Health

Survival rate of premature babies has rapidly improved in the last 40 years

Giving birth is a momentous experience, but it doesn’t always go as planned – especially when your baby is born premature.

For these parents who meet their baby months before their due date, it can often be a scary time visiting their child – or children if they have had a multiple birth – in the neonatal intensive care unit at the hospital.

However, there is some comfort in knowing that new research reveals survival rates of extremely preterm infants has improved by leaps and bounds in the last few decades.

Research finds the survival rate of premature babies has rapidly improved since the ‘80s
Survival rates of extremely preterm infants has improved in the last few decades. Source: iStock

Survival rate of premature babies has rapidly improved in the last 40 years

Researchers at the Department of Clinical Science, Intervention and Technology at Karolinska Institutet in Sweden, examined babies born over 3.5 months prematurely (week 22-26) and compared the statistics of babies born between 2014 -2016 to those who had been born in 2004-2007.

They found that between these two time periods, the stillbirth rate had dropped from 30 to 23 per cent, and survival rates rose from 70 to 77 per cent.

They also found a reduction in the number of brain and lung damage cases of babies born between 2014 and 2016.

New webcam system allowing Aussie parents to monitor premature babies
For babies born before 22 weeks gestation, the survival rate is up from 3.6 per cent to 20 per cent. Source: iStock

Sweden holds the world record for earliest neonatal viability, and doctors previously estimated the earliest age a baby would be considered viable outside the womb was at 28 weeks, when they weighed 1kg (2.2 pounds).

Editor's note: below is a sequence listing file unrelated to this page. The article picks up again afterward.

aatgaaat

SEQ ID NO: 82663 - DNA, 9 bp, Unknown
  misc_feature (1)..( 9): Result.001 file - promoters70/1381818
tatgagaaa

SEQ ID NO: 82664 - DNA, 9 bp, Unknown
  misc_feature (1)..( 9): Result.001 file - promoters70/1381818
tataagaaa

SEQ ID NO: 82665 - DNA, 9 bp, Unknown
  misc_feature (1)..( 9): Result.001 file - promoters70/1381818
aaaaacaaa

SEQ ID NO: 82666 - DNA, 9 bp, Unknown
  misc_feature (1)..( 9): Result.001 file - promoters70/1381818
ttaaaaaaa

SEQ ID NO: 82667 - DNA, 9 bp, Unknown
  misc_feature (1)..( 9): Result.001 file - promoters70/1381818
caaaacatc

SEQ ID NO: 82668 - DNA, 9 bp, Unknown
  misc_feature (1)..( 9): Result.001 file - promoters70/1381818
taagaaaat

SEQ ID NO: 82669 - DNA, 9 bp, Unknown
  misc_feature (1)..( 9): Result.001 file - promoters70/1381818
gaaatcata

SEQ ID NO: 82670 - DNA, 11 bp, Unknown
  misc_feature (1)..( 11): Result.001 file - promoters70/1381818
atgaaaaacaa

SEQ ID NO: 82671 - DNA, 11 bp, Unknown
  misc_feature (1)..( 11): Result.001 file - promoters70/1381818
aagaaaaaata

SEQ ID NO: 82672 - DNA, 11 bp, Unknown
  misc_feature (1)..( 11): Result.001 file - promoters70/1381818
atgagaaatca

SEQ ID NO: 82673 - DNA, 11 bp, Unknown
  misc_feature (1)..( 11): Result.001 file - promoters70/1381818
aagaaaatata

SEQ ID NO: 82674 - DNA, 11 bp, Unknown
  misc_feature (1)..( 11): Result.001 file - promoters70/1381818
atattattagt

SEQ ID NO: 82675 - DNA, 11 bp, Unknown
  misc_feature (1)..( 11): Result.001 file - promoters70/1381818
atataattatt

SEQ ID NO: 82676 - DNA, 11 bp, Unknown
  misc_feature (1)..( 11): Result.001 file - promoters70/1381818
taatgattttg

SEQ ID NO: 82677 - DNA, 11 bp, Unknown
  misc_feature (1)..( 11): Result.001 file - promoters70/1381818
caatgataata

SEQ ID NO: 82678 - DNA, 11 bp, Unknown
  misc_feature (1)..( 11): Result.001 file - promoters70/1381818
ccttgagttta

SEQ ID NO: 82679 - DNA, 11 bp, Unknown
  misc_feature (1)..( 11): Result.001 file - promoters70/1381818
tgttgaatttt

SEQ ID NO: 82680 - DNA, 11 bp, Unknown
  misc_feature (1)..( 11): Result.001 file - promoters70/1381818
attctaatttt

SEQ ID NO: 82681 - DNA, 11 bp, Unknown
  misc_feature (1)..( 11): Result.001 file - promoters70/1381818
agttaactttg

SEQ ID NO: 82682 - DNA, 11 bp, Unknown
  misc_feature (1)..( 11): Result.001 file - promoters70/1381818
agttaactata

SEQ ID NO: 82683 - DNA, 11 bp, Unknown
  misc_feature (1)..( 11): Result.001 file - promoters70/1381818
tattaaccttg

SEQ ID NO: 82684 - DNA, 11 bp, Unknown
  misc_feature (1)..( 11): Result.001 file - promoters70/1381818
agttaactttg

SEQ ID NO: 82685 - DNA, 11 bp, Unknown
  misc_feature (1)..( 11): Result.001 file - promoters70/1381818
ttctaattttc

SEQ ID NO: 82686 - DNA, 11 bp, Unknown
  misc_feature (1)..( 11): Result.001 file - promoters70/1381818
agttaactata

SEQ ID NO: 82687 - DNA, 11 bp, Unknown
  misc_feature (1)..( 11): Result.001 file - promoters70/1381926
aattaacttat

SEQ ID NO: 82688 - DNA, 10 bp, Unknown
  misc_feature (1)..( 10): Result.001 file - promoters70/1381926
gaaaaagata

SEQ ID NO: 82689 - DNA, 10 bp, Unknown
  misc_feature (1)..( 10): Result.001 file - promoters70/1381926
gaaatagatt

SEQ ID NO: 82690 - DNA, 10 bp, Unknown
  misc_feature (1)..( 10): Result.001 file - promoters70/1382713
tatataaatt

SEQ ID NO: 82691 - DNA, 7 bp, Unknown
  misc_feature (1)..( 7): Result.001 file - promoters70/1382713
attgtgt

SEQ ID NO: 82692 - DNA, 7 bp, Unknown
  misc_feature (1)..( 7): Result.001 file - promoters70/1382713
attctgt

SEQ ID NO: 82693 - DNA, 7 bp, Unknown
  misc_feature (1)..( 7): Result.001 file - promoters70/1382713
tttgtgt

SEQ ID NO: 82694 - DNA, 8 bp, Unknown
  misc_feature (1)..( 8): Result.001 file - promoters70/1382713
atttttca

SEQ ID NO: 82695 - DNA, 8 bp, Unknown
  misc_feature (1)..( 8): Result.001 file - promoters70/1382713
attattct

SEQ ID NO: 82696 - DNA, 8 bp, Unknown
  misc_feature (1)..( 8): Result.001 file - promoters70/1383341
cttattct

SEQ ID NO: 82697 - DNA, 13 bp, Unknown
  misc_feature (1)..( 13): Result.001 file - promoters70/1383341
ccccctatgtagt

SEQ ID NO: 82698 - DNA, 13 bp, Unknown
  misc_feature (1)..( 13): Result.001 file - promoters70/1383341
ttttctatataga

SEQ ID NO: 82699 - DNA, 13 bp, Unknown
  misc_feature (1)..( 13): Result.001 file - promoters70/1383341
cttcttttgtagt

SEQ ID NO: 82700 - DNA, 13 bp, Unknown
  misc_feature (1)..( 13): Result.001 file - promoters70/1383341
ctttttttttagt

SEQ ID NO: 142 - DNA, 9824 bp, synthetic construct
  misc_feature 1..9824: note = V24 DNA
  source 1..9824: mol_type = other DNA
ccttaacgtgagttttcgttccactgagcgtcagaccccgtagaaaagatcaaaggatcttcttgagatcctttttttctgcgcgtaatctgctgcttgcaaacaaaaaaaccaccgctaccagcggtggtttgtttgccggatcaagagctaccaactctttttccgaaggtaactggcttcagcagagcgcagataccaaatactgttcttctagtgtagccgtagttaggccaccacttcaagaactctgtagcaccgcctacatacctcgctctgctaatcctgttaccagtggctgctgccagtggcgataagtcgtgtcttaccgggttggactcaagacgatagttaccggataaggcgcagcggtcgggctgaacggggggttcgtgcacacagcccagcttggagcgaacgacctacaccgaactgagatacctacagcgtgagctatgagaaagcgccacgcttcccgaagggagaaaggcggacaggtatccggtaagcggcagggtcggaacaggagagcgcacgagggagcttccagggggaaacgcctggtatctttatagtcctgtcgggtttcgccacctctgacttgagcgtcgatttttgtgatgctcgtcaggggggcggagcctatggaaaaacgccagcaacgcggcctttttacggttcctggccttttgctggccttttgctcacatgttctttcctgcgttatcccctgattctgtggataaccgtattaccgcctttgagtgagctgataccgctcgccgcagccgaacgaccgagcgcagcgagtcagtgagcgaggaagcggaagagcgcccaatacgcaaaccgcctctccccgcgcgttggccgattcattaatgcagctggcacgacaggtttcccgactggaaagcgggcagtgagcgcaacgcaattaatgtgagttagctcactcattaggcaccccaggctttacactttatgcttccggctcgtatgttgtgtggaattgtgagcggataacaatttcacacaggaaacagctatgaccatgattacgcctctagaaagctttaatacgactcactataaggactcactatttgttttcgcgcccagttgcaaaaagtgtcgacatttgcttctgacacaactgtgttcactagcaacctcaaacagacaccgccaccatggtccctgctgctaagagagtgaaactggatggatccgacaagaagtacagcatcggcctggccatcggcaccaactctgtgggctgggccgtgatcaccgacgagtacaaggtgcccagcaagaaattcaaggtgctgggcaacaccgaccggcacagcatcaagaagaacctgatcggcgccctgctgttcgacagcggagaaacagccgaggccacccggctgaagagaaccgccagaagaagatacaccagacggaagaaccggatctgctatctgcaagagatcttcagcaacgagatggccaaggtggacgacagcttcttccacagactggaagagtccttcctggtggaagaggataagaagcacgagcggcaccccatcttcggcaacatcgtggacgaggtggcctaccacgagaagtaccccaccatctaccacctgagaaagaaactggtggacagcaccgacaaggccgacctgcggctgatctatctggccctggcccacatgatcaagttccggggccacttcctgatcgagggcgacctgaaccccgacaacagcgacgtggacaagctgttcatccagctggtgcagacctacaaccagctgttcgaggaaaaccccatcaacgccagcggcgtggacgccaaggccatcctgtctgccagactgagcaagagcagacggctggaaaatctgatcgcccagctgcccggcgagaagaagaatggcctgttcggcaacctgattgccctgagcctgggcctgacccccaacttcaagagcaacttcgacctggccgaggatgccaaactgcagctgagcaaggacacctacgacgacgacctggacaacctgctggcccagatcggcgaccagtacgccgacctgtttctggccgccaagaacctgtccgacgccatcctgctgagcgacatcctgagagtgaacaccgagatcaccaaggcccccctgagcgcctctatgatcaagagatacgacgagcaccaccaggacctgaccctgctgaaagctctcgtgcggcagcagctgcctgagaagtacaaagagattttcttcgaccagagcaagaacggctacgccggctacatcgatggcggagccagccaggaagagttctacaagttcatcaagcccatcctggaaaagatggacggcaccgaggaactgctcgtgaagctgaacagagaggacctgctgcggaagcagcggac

“Before, for a baby born at 22 or 23 weeks, an individual doctor could say that it is not worthwhile to do anything,” said Mikael Norman, coauthor of the Swedish study.

But since the ‘80s, babies are now being delivered at 24, 23 and 22 weeks, weighing 0.50kg (1.1 pound) and are able to survive.

For babies born before 22 weeks gestation, the survival rate is up from 3.6 per cent to 20 per cent.

“I’ve been in this business for 40 years, and I’ve seen the threshold of viability move back about one week every 10 years or so in my practice,” Edward Bell, a neonatologist at the University of Iowa Children’s Hospital, told AFP.

“It tells you that survival is possible.”

Babies born at just 24 weeks have 66 per cent survival rate in Australia

premature baby

In Australia, around eight per cent of babies are born prematurely (before 37 weeks).

However, in rare instances, some infants are simply too eager to enter the world. With today’s amazing technology and constant care from NICU staff, babies born at just 23 weeks’ gestation have survived.

Have a look at our inspiring premature infant stories to see just how amazing technology is in helping these teeny treasures thrive outside the womb.

‘Doctors gave her 0-1 per cent chance of survival’: Baby born at 23 weeks proved doctors wrong

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jennifer
written by:

Jennifer Hartnett

Jennifer is our Senior News Producer with a passion for trending news and lifestyle stories. Jennifer spends the rest of her time running around after her son Kian.